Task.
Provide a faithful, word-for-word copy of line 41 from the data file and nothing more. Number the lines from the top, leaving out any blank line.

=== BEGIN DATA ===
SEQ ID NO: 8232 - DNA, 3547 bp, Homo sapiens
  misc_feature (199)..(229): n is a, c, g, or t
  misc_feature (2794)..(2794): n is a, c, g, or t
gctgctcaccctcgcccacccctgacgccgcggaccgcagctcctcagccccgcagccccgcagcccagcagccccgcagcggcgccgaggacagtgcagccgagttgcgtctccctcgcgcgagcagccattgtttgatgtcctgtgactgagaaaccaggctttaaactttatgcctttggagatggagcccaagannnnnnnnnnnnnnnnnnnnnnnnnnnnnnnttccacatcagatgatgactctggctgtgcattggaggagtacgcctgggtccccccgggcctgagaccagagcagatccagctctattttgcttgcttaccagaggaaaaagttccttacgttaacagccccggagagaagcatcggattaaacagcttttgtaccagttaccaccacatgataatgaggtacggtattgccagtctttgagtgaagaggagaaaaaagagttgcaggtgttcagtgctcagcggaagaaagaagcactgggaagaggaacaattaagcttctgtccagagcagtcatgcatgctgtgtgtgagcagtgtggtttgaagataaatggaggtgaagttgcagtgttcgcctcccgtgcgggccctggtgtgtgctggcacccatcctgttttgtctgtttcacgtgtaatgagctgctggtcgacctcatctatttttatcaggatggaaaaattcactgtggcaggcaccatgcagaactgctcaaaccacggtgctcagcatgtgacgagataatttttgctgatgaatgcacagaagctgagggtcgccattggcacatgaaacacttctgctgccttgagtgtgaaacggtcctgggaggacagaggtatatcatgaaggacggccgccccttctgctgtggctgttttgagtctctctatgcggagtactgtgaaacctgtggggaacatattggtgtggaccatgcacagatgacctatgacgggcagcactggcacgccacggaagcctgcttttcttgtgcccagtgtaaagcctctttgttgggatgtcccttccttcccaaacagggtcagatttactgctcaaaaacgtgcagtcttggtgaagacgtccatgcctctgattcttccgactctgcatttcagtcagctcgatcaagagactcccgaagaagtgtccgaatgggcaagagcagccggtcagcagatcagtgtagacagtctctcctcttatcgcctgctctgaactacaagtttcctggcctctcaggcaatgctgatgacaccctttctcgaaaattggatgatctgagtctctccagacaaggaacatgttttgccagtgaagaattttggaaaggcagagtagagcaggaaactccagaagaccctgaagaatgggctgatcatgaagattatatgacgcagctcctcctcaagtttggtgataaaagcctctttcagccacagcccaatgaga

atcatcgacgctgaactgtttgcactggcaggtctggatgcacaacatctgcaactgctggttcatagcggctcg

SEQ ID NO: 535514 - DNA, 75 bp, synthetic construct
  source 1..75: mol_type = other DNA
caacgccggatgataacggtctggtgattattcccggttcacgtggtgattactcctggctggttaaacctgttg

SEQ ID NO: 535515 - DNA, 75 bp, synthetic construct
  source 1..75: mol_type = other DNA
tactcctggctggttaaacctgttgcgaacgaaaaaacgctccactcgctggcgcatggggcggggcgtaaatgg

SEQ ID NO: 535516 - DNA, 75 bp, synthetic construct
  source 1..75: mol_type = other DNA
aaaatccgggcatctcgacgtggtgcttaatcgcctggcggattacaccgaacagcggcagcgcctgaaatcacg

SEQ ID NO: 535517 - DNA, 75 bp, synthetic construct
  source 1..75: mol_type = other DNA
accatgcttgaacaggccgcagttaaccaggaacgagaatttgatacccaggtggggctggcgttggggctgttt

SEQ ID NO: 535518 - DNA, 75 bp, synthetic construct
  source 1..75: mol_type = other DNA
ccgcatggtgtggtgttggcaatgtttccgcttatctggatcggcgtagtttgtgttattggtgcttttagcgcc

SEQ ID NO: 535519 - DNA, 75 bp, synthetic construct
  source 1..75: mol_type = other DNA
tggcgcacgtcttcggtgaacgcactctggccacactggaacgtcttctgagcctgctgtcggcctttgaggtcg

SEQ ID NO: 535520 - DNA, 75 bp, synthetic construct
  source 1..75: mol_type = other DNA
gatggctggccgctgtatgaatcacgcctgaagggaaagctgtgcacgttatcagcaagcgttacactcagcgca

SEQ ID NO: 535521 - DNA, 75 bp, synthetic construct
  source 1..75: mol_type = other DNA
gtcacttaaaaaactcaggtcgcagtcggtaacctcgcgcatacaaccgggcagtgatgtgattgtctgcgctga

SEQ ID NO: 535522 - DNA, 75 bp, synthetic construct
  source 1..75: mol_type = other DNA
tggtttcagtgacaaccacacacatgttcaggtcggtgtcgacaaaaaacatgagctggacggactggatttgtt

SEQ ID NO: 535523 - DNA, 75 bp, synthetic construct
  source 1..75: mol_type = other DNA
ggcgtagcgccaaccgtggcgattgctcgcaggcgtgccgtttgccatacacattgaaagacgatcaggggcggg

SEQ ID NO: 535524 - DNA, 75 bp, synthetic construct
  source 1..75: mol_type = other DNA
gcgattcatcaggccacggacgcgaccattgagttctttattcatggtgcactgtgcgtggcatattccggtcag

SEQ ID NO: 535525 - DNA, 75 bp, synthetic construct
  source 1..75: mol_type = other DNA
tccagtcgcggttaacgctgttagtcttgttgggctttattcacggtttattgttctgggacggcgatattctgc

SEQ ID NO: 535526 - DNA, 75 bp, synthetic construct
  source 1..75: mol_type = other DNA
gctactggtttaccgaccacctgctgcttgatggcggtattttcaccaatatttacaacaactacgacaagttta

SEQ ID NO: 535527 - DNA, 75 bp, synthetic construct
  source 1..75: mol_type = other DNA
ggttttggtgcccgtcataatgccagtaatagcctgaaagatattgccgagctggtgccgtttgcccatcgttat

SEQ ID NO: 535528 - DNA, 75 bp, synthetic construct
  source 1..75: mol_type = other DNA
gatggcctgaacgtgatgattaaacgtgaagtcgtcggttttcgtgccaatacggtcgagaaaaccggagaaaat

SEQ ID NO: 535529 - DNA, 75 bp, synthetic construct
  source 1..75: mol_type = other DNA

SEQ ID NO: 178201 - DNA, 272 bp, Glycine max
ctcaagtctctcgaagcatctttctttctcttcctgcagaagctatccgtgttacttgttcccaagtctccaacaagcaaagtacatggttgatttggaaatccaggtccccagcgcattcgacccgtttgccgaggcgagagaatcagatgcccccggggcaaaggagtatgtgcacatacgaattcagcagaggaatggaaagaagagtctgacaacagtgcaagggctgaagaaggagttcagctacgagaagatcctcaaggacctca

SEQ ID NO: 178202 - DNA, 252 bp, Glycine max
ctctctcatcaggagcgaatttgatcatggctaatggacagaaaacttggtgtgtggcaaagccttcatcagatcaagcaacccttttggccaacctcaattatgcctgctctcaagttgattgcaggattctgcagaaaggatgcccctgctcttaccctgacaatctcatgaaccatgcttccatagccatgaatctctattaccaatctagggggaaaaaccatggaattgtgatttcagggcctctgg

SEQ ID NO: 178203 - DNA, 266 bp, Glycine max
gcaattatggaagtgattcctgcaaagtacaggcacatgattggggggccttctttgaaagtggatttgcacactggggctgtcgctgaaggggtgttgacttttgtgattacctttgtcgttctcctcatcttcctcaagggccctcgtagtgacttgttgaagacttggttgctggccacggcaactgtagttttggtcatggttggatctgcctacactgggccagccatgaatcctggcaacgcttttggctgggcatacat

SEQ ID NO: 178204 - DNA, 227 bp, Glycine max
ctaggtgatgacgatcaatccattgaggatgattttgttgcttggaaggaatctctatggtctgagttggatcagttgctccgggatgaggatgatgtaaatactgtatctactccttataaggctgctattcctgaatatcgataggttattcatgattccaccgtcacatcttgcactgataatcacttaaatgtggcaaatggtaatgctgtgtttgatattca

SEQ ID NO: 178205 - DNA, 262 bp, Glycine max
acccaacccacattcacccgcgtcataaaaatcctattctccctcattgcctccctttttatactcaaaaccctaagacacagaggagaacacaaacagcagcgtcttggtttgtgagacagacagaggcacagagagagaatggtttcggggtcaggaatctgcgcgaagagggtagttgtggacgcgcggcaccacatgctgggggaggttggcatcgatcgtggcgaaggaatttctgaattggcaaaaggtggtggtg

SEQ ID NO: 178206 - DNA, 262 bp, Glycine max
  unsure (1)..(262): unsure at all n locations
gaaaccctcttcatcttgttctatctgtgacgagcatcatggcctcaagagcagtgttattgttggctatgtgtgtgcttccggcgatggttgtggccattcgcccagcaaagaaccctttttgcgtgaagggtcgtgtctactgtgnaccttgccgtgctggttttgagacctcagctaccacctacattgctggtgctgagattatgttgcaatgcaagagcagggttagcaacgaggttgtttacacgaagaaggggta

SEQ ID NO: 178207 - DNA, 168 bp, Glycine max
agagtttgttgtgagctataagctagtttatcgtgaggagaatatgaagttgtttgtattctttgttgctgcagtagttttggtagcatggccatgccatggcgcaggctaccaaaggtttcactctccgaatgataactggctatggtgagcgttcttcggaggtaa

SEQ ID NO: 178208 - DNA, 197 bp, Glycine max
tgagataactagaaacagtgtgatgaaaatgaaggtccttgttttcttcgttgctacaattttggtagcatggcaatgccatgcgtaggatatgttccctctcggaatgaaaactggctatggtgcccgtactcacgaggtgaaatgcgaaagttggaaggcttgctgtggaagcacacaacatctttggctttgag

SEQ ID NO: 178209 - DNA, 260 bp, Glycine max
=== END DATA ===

tccagtcgcggttaacgctgttagtcttgttgggctttattcacggtttattgttctgggacggcgatattctgc